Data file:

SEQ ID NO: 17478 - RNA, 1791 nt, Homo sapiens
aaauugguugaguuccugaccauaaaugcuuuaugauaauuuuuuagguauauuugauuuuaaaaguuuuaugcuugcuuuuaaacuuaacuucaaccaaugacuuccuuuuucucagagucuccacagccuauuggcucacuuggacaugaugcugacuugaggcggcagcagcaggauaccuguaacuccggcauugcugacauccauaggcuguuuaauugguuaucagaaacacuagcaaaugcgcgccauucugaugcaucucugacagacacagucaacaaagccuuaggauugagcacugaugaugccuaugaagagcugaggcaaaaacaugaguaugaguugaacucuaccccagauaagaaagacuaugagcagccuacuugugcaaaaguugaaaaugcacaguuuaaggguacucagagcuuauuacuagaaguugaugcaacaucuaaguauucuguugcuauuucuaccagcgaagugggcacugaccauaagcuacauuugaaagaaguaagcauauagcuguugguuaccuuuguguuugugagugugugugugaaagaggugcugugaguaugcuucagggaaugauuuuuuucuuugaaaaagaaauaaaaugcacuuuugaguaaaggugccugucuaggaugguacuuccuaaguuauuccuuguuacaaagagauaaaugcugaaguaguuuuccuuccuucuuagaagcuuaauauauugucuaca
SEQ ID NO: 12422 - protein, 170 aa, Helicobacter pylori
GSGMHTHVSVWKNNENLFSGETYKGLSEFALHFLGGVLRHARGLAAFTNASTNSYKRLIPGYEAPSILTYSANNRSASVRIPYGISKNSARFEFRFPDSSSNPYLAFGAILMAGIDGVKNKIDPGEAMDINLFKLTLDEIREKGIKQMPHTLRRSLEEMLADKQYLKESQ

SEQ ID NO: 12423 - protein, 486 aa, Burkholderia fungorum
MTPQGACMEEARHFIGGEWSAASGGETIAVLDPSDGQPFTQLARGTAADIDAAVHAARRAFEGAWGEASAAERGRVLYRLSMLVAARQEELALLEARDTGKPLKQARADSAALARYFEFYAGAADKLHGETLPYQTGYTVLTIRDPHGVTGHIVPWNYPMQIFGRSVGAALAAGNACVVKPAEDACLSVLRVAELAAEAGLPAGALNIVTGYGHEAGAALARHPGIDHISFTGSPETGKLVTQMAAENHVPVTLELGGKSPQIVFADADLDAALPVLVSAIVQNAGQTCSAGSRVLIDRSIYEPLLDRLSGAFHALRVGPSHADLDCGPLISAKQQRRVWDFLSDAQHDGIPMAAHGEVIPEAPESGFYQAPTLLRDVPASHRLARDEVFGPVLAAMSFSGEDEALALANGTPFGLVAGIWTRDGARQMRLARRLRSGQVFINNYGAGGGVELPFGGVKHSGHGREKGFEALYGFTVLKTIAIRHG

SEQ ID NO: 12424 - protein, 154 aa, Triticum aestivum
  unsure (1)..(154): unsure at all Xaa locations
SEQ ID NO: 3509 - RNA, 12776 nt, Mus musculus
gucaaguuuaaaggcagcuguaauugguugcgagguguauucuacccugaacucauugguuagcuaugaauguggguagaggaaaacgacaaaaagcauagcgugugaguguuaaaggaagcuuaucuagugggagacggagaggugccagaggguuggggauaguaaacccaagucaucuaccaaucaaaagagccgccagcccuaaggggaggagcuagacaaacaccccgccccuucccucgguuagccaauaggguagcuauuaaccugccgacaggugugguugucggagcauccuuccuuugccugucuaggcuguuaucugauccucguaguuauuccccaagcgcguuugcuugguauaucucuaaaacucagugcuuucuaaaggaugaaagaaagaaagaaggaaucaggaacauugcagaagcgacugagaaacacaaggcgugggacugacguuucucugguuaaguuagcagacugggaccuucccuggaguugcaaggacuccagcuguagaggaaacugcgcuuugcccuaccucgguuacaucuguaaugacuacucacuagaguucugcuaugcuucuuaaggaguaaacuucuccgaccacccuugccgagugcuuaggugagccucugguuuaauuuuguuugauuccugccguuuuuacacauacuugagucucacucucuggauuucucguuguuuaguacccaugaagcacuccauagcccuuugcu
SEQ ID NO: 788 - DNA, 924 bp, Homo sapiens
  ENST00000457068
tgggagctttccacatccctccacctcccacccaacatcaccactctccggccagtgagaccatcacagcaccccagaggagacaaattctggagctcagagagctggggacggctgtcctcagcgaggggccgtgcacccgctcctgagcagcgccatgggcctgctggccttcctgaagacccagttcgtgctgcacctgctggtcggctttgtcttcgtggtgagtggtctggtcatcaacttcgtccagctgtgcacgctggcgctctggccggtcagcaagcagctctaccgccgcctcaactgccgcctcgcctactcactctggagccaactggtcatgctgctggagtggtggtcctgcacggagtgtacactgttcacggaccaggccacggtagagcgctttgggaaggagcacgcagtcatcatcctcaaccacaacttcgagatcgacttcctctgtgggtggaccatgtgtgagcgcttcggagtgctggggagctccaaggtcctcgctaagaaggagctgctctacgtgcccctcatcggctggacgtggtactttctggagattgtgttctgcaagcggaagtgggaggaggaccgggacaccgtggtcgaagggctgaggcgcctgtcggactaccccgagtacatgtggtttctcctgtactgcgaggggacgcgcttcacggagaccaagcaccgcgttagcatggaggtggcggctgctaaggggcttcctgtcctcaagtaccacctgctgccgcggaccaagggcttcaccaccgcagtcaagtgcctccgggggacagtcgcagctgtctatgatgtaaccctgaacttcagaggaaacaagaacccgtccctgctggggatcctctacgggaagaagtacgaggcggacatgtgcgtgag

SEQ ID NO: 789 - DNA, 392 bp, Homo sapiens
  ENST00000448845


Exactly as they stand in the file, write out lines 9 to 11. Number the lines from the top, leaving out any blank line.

SEQ ID NO: 3509 - RNA, 12776 nt, Mus musculus
gucaaguuuaaaggcagcuguaauugguugcgagguguauucuacccugaacucauugguuagcuaugaauguggguagaggaaaacgacaaaaagcauagcgugugaguguuaaaggaagcuuaucuagugggagacggagaggugccagaggguuggggauaguaaacccaagucaucuaccaaucaaaagagccgccagcccuaaggggaggagcuagacaaacaccccgccccuucccucgguuagccaauaggguagcuauuaaccugccgacaggugugguugucggagcauccuuccuuugccugucuaggcuguuaucugauccucguaguuauuccccaagcgcguuugcuugguauaucucuaaaacucagugcuuucuaaaggaugaaagaaagaaagaaggaaucaggaacauugcagaagcgacugagaaacacaaggcgugggacugacguuucucugguuaaguuagcagacugggaccuucccuggaguugcaaggacuccagcuguagaggaaacugcgcuuugcccuaccucgguuacaucuguaaugacuacucacuagaguucugcuaugcuucuuaaggaguaaacuucuccgaccacccuugccgagugcuuaggugagccucugguuuaauuuuguuugauuccugccguuuuuacacauacuugagucucacucucuggauuucucguuguuuaguacccaugaagcacuccauagcccuuugcu
SEQ ID NO: 788 - DNA, 924 bp, Homo sapiens